a younger brother or the like, though another has a greater right, as the elder brother,  or the heirs proceeding from him.
There are those who have as much right.
 The tenant may also except that if the demandant has right, there are others, coheirs  and parceners, who have as much right, without whom he alone can claim  nothing, as was said above,1 or because the thing is held in common with other parceners,  though they are not co-heirs.2
Also that the tenant has a wife whose right is in question.
 He may also except that he has an adjunct, as a wife, whose right is in question and  without whom he cannot claim, since no mention is made of a wife in the writ.3 He  may also except that if4 the demandant has right, the tenant has a greater right, which  may be settled by the grand assise, if the tenant wishes.
That the descent may be obstructed by a felony committed by some ancestor.
 An exception may also lie for the tenant, though the ancestor was so seised of fee and  right as the demandant alleges, because of an obstruction in the descent, as where one  of his ancestors has committed a felony of which he was convicted, as where he was  hanged for felony, or outlawed, properly and according to the law of the land, with or  without a rightful causa, [or] by his own confession, [as] where at some time5 he  acknowledged the felony and abjured the realm. And so if one of his ancestors has  remitted his right to the tenant (or to some one from whom the tenant has his causa  possidendi) and quitclaimed, or acknowledged and remitted for himself and his heirs  by a fine made in the court of the lord king.6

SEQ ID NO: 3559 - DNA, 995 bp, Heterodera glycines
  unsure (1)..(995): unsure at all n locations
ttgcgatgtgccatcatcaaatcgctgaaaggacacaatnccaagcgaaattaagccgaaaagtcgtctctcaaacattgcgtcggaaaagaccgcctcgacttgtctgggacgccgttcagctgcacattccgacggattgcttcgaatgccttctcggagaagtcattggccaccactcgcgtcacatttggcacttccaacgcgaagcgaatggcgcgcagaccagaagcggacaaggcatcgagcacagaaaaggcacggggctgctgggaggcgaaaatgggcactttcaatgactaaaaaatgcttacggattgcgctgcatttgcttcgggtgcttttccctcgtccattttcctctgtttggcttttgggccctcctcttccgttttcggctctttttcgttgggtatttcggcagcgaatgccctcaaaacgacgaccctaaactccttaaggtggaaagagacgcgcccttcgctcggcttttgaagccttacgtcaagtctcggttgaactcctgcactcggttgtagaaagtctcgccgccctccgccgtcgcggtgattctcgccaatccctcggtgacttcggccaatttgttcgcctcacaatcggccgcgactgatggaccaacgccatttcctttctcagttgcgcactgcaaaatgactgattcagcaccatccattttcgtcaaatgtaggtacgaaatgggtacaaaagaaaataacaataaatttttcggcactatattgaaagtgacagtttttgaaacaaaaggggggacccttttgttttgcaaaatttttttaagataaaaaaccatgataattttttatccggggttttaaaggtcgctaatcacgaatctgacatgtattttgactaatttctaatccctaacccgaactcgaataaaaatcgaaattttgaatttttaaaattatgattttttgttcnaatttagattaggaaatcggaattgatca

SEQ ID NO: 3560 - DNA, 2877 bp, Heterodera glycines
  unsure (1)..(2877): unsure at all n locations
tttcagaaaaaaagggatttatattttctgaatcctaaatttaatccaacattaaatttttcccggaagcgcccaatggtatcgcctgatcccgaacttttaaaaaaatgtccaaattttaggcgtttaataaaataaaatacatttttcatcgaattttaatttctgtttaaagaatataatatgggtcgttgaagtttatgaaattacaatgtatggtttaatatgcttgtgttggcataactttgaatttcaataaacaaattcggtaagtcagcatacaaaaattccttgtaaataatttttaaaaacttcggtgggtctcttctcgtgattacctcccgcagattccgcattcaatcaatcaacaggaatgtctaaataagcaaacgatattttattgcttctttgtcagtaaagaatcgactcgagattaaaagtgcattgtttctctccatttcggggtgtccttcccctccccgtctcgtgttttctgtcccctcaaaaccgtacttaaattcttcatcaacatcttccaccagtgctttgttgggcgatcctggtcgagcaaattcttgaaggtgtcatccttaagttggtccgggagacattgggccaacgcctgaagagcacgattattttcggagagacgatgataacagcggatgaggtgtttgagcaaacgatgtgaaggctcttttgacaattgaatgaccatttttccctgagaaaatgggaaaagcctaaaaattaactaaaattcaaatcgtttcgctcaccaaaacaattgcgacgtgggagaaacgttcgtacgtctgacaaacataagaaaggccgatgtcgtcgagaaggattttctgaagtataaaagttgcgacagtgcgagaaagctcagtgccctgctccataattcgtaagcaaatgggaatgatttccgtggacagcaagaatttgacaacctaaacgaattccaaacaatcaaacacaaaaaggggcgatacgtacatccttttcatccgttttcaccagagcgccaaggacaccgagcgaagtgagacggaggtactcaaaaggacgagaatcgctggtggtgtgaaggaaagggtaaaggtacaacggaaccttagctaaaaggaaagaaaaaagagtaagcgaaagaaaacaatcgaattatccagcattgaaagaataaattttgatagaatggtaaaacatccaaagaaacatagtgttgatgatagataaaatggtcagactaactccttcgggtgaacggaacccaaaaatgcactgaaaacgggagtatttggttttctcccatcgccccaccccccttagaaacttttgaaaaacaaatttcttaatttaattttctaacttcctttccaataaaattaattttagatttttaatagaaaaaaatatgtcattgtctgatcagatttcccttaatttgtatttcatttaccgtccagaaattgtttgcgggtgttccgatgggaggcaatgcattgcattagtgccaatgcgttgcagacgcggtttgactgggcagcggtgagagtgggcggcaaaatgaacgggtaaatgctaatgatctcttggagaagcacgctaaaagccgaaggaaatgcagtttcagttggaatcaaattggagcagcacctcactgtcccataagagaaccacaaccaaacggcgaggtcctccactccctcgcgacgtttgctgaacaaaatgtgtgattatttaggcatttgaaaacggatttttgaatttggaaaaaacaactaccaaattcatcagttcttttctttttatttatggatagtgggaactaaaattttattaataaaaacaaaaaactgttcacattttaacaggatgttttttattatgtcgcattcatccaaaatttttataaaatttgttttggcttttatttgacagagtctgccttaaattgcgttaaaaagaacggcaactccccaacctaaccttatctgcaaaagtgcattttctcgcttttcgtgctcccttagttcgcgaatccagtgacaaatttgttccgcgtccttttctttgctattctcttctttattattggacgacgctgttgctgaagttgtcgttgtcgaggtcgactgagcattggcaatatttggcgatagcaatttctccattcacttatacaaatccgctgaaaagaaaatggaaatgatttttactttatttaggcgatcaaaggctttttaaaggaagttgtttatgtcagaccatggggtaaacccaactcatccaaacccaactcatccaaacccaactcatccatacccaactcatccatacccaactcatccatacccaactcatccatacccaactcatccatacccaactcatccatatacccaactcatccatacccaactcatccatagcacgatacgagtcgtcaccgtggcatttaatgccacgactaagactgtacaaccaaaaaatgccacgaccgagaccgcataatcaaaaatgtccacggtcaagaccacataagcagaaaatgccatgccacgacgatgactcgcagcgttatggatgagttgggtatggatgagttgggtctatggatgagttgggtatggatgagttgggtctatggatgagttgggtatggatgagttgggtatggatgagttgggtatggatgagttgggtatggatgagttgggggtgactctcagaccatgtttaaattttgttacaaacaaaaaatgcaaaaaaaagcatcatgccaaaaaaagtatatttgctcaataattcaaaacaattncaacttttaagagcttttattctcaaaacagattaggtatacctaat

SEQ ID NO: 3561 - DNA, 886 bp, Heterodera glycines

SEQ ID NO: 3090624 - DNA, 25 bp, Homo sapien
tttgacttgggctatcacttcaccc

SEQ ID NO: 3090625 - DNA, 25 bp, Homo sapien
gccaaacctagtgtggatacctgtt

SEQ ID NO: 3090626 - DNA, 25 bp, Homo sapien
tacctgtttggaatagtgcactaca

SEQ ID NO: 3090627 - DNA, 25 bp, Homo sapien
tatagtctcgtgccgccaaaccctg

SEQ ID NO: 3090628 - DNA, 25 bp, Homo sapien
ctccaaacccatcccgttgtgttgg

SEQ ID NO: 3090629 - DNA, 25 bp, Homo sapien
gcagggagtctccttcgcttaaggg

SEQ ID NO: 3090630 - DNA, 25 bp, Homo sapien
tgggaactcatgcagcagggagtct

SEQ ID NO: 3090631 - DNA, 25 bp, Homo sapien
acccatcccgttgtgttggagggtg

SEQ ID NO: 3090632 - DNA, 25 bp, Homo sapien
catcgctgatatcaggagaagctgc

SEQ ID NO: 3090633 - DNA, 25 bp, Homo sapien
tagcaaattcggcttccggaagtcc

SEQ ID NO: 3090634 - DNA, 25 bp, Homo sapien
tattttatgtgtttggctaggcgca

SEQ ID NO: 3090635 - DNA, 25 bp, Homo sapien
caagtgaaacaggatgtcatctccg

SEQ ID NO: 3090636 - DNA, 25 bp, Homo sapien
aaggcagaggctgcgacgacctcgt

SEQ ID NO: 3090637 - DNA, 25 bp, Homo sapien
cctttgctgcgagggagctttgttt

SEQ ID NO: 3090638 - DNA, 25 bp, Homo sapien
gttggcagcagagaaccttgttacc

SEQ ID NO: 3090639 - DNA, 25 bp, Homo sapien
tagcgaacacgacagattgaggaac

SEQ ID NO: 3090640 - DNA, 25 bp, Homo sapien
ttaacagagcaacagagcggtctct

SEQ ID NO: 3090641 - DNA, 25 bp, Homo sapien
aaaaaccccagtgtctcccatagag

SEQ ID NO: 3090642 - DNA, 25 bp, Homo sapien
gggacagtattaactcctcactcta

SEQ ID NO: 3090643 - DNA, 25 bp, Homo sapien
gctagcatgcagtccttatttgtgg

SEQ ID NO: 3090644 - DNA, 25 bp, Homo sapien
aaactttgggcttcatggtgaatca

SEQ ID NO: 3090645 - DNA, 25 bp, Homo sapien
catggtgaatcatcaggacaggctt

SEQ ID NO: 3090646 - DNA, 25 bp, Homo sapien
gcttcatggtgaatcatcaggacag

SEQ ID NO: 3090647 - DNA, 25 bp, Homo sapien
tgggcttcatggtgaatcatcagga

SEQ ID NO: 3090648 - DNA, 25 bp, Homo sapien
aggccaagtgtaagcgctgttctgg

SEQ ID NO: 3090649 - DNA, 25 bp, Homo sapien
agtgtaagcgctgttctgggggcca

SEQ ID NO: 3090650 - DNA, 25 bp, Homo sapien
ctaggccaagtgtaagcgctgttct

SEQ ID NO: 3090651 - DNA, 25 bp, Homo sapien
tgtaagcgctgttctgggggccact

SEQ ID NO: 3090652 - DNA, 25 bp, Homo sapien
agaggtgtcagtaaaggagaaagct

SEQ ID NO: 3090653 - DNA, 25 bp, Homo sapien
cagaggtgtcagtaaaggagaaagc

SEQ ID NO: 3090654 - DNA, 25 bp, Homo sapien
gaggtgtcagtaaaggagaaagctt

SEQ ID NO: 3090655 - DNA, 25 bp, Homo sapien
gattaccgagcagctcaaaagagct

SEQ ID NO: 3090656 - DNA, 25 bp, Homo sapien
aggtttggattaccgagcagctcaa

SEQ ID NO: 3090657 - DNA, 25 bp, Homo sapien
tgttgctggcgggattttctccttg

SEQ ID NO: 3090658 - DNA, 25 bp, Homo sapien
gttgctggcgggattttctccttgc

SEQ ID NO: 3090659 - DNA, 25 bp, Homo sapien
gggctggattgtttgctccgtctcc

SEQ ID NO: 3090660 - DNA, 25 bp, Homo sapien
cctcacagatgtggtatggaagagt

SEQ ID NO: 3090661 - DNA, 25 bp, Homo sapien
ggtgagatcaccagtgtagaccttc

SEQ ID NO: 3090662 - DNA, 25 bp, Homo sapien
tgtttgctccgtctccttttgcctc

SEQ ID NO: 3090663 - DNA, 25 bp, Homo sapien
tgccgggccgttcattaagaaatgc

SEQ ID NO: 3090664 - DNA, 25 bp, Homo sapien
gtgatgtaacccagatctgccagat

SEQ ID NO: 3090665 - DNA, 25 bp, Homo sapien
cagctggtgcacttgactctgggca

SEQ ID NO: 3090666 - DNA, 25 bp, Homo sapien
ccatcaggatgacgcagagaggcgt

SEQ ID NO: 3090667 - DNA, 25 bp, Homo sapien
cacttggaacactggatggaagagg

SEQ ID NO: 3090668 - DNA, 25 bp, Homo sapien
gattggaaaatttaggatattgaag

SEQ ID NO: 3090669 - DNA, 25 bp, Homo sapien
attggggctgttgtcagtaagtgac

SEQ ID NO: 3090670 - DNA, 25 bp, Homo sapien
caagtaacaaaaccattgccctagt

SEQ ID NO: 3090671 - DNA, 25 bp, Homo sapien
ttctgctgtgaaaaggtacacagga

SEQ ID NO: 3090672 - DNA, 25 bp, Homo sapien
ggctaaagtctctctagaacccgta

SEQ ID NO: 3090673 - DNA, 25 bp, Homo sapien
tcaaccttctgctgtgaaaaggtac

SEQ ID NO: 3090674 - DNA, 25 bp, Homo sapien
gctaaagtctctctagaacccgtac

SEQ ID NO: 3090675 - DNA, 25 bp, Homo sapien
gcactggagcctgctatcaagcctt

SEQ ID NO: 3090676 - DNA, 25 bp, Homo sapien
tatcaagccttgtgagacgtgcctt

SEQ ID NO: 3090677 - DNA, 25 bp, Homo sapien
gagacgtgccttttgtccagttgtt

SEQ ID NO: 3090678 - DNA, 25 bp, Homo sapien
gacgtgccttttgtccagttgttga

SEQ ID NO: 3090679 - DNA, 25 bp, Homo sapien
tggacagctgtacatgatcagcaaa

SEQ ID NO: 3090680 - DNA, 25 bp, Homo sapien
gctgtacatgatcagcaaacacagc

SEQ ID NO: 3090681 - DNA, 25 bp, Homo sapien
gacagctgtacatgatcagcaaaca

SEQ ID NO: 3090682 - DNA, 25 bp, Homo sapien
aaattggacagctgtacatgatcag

An exception also lies for the tenant arising from the editio actionis, if nothing at all is said or what is said is obscure.
 An exception also lies for the tenant arising from the intentio and the editio actionis,7  as where, when the writ has been heard and the demandant ought to put forward his  claim, he puts forward nothing or says nothing at all; the tenant must be discharged  because to one who says nothing no reply need be made. If he puts his claim forward  obscurely or incompletely or uncertainly, he need not be answered, because it does  not matter whether one puts forward no intentio at all, or puts it forward obscurely  or incompletely or uncertainly.8 If though he puts forward his intentio fully, he does  not show by what